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Keep Going Regardless of Failure: Hisakazu Shimizu

Hisakazu Shimizu is a Japanese designer who during this interview with DUDYE explained why he became a designer and how he evolved in design, as he obtained a deeper understanding of the profession.

Hisakazu Shimizu was born 1964, in Isahaya City, Nagasaki Prefecture. As a little boy, he enjoyed a common hobby many designers share, which is drawing. When he began high school, he first became conscious of the word “design”. Shimizu entered high school to catch a major in art. “As I studied art and design in school I got the feeling that there were many things that could be done with design, and my interest grew over time.”

After graduation, the passion for design still maintained and Shimizu decided to join a design studio that some graduates from his college had set up. This lead to his first design: “I think my first design was the handle and hinges of a commercial-use refrigerator.”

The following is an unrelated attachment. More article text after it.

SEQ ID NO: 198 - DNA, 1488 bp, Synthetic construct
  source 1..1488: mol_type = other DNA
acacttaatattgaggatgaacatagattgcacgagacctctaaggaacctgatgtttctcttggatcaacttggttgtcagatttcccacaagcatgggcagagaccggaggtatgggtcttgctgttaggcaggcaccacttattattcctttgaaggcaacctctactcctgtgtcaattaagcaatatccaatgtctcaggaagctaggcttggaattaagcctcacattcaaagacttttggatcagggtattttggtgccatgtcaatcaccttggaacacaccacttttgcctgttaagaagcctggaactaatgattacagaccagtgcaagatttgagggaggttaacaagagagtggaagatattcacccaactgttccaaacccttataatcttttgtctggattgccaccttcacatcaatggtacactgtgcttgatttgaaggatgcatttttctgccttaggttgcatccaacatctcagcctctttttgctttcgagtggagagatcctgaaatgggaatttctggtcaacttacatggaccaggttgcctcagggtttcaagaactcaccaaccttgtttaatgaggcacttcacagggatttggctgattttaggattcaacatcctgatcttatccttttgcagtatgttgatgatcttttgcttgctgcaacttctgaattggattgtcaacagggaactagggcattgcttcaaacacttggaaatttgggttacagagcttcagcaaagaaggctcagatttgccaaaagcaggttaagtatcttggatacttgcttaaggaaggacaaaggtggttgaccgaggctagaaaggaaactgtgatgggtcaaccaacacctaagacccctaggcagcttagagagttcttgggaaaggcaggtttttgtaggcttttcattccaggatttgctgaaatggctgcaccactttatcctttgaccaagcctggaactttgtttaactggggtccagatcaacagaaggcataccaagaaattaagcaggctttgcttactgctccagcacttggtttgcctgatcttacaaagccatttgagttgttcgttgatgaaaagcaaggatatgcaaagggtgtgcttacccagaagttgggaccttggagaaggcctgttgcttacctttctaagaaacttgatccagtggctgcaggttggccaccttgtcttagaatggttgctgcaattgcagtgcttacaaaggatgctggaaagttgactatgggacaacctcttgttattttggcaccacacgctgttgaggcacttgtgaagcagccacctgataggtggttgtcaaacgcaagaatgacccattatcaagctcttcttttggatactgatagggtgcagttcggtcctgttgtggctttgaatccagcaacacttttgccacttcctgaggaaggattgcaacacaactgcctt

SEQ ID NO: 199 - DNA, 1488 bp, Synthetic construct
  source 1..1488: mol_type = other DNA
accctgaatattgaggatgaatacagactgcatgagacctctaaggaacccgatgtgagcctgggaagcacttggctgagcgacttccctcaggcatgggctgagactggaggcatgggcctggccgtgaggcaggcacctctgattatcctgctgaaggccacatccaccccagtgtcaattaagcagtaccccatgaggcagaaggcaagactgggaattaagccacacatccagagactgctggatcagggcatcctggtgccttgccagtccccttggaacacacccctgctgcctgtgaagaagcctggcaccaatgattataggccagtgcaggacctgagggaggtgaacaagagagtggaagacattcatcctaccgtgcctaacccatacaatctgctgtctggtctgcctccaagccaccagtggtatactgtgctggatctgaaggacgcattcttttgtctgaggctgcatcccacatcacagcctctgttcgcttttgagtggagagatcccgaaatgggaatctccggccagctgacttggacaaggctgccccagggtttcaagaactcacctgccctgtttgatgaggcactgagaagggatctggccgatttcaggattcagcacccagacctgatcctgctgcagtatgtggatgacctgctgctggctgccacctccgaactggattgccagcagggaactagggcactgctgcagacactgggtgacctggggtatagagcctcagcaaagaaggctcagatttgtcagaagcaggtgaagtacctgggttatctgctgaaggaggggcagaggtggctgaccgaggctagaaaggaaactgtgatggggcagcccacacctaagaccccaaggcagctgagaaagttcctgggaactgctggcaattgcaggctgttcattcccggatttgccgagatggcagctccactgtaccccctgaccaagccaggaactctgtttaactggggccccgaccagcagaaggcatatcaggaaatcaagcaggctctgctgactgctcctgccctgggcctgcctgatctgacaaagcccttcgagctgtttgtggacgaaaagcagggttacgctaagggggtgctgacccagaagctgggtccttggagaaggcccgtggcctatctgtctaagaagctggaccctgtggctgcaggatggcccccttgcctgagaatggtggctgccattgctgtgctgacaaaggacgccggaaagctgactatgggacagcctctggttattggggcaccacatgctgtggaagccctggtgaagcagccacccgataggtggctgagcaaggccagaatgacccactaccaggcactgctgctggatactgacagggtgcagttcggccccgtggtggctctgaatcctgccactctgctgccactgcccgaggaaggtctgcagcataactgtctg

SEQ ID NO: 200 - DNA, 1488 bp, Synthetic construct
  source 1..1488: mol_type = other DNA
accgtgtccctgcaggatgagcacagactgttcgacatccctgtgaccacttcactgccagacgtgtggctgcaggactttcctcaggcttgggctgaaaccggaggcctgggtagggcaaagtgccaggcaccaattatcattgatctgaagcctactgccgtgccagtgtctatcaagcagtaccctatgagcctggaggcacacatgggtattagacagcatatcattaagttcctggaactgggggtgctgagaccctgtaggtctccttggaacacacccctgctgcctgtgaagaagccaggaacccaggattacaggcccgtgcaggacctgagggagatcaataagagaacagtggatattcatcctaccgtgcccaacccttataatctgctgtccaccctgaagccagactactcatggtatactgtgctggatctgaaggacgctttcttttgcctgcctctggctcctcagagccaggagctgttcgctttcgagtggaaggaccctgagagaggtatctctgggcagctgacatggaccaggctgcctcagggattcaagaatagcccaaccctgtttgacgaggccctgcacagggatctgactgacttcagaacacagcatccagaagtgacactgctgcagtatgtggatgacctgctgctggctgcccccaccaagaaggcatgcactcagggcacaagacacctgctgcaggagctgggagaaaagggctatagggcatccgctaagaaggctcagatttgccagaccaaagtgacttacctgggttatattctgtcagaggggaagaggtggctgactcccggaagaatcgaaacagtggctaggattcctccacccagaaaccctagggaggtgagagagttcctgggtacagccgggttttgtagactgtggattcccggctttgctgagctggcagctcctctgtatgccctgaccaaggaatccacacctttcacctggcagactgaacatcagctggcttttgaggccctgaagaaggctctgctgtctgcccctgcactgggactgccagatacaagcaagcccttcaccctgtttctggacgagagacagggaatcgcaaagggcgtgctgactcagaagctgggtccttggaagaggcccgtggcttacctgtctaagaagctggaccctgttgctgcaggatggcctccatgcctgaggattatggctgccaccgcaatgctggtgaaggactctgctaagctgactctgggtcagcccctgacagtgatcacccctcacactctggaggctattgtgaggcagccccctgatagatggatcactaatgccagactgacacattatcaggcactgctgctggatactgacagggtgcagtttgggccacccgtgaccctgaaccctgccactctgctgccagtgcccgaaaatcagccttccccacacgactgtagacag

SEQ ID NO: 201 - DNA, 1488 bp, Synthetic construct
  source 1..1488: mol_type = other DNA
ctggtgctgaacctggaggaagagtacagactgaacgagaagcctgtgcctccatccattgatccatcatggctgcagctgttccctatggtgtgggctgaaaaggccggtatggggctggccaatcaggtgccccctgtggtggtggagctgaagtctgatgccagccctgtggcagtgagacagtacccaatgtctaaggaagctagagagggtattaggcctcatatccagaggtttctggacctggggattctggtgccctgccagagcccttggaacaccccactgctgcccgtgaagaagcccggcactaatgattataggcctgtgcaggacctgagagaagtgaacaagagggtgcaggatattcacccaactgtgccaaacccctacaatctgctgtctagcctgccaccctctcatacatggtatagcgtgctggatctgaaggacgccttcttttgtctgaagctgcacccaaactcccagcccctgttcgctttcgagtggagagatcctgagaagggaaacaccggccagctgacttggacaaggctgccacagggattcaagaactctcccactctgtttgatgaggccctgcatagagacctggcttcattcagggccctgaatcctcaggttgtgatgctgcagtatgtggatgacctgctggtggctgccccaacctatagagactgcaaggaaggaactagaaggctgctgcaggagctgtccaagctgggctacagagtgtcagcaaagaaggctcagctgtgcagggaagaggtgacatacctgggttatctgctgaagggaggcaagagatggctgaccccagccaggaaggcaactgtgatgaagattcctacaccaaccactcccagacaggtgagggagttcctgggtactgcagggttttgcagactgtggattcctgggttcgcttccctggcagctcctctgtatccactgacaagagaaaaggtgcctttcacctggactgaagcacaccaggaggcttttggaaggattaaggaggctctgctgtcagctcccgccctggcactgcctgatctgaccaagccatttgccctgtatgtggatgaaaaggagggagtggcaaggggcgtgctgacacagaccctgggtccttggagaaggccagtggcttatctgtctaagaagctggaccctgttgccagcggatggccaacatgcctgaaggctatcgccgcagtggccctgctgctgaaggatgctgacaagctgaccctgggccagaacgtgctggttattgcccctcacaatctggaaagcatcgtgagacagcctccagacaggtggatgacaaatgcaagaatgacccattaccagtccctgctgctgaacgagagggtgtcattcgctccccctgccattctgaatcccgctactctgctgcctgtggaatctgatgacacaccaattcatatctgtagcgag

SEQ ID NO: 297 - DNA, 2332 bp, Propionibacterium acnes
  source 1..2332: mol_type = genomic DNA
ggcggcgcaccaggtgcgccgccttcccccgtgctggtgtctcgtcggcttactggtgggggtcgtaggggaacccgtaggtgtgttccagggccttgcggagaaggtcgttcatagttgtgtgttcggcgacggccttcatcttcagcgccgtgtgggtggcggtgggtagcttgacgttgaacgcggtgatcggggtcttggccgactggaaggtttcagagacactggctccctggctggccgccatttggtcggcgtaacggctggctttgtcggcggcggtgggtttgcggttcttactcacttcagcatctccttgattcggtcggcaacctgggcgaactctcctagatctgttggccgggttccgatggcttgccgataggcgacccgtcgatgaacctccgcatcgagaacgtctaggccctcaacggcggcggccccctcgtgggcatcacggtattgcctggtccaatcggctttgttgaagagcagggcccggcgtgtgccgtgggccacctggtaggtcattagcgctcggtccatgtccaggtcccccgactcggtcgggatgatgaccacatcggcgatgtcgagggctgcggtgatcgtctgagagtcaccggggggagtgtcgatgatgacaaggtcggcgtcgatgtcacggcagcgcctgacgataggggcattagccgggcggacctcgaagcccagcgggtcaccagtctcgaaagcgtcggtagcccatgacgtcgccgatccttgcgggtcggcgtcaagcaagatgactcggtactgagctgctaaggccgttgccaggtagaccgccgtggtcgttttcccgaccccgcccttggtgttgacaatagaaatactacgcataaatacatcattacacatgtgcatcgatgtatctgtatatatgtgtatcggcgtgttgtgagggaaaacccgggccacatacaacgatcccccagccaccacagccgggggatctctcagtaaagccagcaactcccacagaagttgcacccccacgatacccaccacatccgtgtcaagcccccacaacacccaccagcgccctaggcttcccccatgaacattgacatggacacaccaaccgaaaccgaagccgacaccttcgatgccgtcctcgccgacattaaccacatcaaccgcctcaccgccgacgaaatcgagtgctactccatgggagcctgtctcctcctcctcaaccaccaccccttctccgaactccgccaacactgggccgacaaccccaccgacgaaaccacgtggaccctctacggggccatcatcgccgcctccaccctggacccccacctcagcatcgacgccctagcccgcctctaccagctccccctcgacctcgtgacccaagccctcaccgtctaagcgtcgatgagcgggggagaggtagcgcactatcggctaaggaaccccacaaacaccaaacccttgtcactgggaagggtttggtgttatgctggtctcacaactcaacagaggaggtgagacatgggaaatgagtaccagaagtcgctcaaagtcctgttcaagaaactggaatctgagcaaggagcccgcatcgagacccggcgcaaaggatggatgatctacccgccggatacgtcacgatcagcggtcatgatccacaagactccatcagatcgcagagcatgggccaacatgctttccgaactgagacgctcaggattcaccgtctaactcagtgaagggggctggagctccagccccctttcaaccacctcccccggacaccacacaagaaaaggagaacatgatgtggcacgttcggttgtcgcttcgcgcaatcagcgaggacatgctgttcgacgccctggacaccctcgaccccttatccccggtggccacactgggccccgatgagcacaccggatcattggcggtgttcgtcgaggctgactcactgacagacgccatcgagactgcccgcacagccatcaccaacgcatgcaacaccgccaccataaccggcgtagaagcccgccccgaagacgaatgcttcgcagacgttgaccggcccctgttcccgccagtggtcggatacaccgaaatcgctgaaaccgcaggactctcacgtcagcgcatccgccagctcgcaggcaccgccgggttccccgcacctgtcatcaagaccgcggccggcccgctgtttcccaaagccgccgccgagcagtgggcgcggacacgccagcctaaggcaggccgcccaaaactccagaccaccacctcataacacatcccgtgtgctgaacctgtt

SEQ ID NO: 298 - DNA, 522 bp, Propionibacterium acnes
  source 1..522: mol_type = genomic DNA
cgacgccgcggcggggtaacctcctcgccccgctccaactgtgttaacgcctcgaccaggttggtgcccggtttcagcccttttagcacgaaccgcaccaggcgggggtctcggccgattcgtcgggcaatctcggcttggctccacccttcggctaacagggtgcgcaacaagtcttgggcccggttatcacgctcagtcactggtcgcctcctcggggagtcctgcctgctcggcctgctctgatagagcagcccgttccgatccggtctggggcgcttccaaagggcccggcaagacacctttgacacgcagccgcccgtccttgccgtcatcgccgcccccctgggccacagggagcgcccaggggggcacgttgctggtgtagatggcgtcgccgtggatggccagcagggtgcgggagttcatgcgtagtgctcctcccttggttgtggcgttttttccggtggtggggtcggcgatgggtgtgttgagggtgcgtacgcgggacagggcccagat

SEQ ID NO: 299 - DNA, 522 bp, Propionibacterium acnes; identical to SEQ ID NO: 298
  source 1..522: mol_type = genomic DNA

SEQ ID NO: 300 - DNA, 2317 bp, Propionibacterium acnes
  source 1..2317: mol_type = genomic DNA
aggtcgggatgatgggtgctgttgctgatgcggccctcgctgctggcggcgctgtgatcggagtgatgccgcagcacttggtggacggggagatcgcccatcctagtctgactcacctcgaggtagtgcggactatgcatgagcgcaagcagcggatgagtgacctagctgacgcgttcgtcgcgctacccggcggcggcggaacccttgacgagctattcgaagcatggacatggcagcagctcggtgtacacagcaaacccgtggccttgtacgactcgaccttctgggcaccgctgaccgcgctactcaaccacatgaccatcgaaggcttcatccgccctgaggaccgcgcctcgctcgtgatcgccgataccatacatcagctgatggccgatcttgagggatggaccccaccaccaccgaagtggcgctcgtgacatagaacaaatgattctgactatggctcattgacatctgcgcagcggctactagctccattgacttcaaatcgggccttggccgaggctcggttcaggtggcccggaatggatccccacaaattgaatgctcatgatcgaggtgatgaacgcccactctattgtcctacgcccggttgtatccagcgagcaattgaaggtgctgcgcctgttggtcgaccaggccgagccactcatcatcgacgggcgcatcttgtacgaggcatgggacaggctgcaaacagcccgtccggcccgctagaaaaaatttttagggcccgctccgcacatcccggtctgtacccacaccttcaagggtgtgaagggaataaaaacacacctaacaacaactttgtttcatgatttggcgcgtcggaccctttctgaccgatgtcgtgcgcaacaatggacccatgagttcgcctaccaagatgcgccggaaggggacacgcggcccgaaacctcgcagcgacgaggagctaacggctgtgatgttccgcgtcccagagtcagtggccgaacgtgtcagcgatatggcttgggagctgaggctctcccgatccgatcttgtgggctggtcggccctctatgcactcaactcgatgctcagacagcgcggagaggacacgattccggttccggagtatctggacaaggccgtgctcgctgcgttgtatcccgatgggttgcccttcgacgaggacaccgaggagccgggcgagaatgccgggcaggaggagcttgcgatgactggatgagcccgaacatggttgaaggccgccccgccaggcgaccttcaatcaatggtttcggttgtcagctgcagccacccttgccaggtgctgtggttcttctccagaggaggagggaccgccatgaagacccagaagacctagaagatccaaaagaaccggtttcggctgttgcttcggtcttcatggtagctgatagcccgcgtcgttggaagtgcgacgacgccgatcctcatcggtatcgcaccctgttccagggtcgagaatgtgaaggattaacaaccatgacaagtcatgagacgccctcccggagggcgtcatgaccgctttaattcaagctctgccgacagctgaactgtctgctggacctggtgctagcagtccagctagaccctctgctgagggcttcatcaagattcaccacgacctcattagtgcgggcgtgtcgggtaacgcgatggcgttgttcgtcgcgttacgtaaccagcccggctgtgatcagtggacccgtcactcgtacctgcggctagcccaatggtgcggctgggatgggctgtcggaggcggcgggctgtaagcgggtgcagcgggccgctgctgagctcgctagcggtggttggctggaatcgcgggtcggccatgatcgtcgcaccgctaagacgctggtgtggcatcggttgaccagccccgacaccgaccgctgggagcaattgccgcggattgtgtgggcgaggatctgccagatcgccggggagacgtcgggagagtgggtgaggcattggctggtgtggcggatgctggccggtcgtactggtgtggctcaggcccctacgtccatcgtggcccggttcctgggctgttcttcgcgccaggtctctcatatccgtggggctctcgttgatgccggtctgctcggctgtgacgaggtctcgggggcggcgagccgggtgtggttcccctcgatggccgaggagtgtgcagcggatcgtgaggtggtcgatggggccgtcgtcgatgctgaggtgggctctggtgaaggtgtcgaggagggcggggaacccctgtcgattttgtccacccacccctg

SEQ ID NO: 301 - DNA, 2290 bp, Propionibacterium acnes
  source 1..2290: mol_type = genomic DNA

Learn from your mistakes and make them your strengths. Shimizu decided to take his inexperienced design situation and make it into a learning and development process. “During my first three years of work I didn’t produce any good designs. All of the items that I designed in that period, when I was so young and inexperienced, became learning experiences for me. My advice to young designers is to keep going regardless. It takes a long time to get to the stage where you can design products.” You need to move on from your mistakes and take them as possibilities to further learn. “You have to develop a thorough understanding of the purpose or function of what you are designing.”

It’s important to work for people with values that are close to your own. Being called Sabo in his childhood, Shimizu decided to call his established studio the Sabo Studio. This studio, which is still running today, was founded in 1998 in Tokyo.

“Since I established Sabo Studio while also being an employee of Canon Inc. (where he had worked since 1989), it took some time to gain the understanding of my colleagues. In Japan there are hardly any full-time company employees who also pursue other works.”

From Sabo Studio we will in the future see strong designs that can be mass produced and serve as art pieces.

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